- Written by Susanna Sheehan
- Published: 14 May 2014
The effort to dredge Duxbury’s harbor and channel has stalled because there are currently no federal funds ear- marked for the project, but lo- cal officials will keep pushing to move the project forward in Washington, D. C.
Last week, Ned Lawson updated the Board of Selectmen on the project and asked for their support of a letter to be sent to members of Congress to help secure funding for dredging. Lawson is part of an unofficial dredging committee made up of members of the following coastal organizations and businesses: the Duxbury Yacht Club, the Duxbury Bay Maritime School, Battelle Memorial Institute, and Bayside Marine. Lawson is a past Duxbury Yacht Club commodore, past director of Duxbury Bay Maritime School, and a retired environmental attorney who worked on permitting for the harbor when it was last dredged in 1997. Harbormaster Donald Beers is also part of this group, which has been working for the past two years on the dredging issue.
Over the last 17 years, areas of Duxbury harbor and channel have become shallower, filled in by sand and silt from storms and shoaling, said Lawson.
“The harbor desperately needs dredging,” he said. “The harbor is meant to be dredged to eight feet before mean low water and now in the northeast corner, the corner near Powder Point, there are areas above mean low water. Meaning that more than eight feet of sediment has been deposited in areas that are part of the federal project.”
According to a 2011 Army Corp of Engineers survey, approximately half of the harbor has less than five feet of water at mean low water and parts have shoaled so they are at or above mean low water. The channel, which should be 100 feet wide and eight feet deep at mean low water, has lost between one- third to one-fourth its width along its entire length.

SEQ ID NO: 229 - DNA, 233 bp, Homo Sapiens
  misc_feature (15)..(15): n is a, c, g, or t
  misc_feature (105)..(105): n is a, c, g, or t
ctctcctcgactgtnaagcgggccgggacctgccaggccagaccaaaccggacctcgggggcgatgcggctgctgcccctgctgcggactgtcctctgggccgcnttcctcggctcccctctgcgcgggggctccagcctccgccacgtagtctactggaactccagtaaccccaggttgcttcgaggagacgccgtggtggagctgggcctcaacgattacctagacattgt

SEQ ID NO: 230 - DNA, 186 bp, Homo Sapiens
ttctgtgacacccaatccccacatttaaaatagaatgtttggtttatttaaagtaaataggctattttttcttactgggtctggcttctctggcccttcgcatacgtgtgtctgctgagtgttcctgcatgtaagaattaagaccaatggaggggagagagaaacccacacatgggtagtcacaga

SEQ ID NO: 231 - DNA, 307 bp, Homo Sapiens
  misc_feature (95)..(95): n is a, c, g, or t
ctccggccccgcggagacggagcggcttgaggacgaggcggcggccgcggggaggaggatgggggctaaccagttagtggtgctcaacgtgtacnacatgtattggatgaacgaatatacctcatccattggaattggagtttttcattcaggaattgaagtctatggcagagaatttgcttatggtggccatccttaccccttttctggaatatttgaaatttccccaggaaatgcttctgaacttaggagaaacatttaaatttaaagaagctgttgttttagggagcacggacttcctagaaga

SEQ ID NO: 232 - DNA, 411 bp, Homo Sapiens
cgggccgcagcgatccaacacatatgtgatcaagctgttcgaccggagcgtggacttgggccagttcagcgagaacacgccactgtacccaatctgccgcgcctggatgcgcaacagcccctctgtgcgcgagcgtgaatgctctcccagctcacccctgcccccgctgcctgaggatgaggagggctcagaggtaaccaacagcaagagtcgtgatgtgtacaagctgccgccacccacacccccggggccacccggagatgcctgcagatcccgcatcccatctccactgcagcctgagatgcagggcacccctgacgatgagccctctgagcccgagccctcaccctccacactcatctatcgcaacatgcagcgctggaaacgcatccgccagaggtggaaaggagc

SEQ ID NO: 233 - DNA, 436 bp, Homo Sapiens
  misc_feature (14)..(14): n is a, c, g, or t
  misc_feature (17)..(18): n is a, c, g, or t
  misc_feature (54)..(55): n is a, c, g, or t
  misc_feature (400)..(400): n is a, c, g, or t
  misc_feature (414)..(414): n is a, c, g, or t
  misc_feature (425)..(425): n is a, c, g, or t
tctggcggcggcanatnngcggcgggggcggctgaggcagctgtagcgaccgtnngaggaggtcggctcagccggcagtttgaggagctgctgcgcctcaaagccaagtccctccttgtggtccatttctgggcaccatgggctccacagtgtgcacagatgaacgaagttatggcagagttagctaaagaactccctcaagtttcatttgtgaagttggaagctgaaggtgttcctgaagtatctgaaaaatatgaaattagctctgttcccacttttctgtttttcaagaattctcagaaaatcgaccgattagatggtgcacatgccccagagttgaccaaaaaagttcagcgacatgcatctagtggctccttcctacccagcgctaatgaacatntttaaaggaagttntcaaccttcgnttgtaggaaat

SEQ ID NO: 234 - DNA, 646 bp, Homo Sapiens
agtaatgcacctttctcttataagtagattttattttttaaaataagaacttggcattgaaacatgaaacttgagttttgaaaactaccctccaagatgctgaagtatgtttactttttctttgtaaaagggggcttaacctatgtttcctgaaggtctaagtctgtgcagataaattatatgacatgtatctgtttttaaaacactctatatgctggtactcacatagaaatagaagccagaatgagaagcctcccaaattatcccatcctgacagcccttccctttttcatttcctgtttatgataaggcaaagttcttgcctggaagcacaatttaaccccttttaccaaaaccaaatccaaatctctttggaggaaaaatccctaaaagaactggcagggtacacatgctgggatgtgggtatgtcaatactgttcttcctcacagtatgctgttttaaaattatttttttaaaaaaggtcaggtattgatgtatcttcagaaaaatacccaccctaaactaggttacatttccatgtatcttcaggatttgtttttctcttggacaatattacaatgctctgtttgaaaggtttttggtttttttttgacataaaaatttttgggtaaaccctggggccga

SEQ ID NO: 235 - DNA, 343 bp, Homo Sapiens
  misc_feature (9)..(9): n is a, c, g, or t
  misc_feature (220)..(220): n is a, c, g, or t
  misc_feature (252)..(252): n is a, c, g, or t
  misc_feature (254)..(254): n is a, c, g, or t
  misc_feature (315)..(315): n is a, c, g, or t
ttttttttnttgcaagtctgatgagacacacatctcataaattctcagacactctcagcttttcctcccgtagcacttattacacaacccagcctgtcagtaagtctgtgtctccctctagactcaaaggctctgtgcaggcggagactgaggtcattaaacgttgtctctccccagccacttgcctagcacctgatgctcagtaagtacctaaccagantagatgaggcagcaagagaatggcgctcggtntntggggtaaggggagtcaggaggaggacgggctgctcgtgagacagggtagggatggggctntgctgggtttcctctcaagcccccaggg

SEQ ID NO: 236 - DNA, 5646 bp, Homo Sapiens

What does this mean for boating in Duxbury?
“Well if you have an 18- foot runabout that can sit on the mud at low tide, that’s fine, but if you have a 40 foot sailboat that needs six feet of water at low tide, then it doesn’t work. So we’re losing our capacity to service boats that require deep water,” Lawson explained, adding, “Also, access to the town pier will be in jeopardy.”
Lawson estimates that the gross revenues from maritime enterprises in Duxbury totals approximately $25 million. This includes the aquaculture industry and other marine related businesses.
Because Duxbury is a federally authorized anchorage, it is eligible for federal and state funding. However, Lawson told selectmen that the federal Army Corp of Engineers can not proceed because it does not have an appropriation for the dredging project. The estimated cost of dredging the 21-acres in the basin and the channel out to Nun 12 is approximately $3.5 million. Over 100,000 cubic yards of mud need to be removed.
In 2013, residents approved $80,000 to pay for the town’s share of dredging. Since the federal dredging project does not extend to the shoreline near the town pier and boat launch, the town must pay to dredge these areas. The town asked for the money at last year’s town meeting because it wanted the funds available for whenever the project began as it will be more economical to use the federal dredging contractor. The Duxbury Yacht Club, Bay- side Marine, Long Point Marine, Battelle, and the DBMS have also signed up to have their areas dredged.
Since 2011, Lawson has been garnering support for the project, speaking to local, state and federal legislators about the need for funding. He said his group has met with representatives from Congressman William Keating’s office many times to discuss the issue, but recently he has received a commitment that Keating will try to meet with Lawson and the dredging group in Duxbury this month.
Lawson and the dredging committee are also hoping to begin a grassroots effort to bring awareness to the issue. They want boat owners to write to their legislators.
“Another effort we’re using to bring this into the eye of our representatives in Congress is to get boat owners and people who have mooring permits to write letters to our senators and congressmen bringing to their attention the need to for the harbor to be dredged,” said Lawson. “Senators and congressmen are responsive to the needs of their constituents.”
Boat owners at the yacht club, at Bayside Marine and those on moorings will be con- tacted seeking their help.
“We’re optimistic that we can make enough noise,” Lawson said.